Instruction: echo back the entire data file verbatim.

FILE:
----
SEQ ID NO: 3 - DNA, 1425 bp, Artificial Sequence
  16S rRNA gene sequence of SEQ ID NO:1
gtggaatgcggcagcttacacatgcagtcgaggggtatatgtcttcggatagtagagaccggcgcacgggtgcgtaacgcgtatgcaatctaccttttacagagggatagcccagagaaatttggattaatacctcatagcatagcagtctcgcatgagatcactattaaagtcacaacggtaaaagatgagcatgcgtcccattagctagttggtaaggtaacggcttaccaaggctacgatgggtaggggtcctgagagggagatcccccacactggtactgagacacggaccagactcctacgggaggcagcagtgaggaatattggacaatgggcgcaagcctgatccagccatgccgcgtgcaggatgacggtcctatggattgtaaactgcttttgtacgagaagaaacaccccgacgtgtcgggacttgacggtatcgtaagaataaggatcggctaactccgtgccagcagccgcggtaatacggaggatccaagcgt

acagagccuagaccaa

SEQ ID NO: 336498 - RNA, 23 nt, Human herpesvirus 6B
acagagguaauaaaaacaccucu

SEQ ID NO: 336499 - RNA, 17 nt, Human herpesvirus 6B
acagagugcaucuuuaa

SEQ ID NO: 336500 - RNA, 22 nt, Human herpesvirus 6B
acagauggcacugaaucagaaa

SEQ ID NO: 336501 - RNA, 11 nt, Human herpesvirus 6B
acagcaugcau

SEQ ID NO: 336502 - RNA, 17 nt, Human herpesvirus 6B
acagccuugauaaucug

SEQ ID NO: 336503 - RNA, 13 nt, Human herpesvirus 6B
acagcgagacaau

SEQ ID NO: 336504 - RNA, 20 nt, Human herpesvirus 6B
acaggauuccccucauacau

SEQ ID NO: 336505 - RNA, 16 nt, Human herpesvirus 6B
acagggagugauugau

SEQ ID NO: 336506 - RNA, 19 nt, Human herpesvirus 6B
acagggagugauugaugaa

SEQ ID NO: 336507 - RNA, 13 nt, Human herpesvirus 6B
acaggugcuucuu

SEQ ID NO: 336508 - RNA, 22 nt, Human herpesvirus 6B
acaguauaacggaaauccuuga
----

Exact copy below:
SEQ ID NO: 3 - DNA, 1425 bp, Artificial Sequence
  16S rRNA gene sequence of SEQ ID NO:1
gtggaatgcggcagcttacacatgcagtcgaggggtatatgtcttcggatagtagagaccggcgcacgggtgcgtaacgcgtatgcaatctaccttttacagagggatagcccagagaaatttggattaatacctcatagcatagcagtctcgcatgagatcactattaaagtcacaacggtaaaagatgagcatgcgtcccattagctagttggtaaggtaacggcttaccaaggctacgatgggtaggggtcctgagagggagatcccccacactggtactgagacacggaccagactcctacgggaggcagcagtgaggaatattggacaatgggcgcaagcctgatccagccatgccgcgtgcaggatgacggtcctatggattgtaaactgcttttgtacgagaagaaacaccccgacgtgtcgggacttgacggtatcgtaagaataaggatcggctaactccgtgccagcagccgcggtaatacggaggatccaagcgt

acagagccuagaccaa

SEQ ID NO: 336498 - RNA, 23 nt, Human herpesvirus 6B
acagagguaauaaaaacaccucu

SEQ ID NO: 336499 - RNA, 17 nt, Human herpesvirus 6B
acagagugcaucuuuaa

SEQ ID NO: 336500 - RNA, 22 nt, Human herpesvirus 6B
acagauggcacugaaucagaaa

SEQ ID NO: 336501 - RNA, 11 nt, Human herpesvirus 6B
acagcaugcau

SEQ ID NO: 336502 - RNA, 17 nt, Human herpesvirus 6B
acagccuugauaaucug

SEQ ID NO: 336503 - RNA, 13 nt, Human herpesvirus 6B
acagcgagacaau

SEQ ID NO: 336504 - RNA, 20 nt, Human herpesvirus 6B
acaggauuccccucauacau

SEQ ID NO: 336505 - RNA, 16 nt, Human herpesvirus 6B
acagggagugauugau

SEQ ID NO: 336506 - RNA, 19 nt, Human herpesvirus 6B
acagggagugauugaugaa

SEQ ID NO: 336507 - RNA, 13 nt, Human herpesvirus 6B
acaggugcuucuu

SEQ ID NO: 336508 - RNA, 22 nt, Human herpesvirus 6B
acaguauaacggaaauccuuga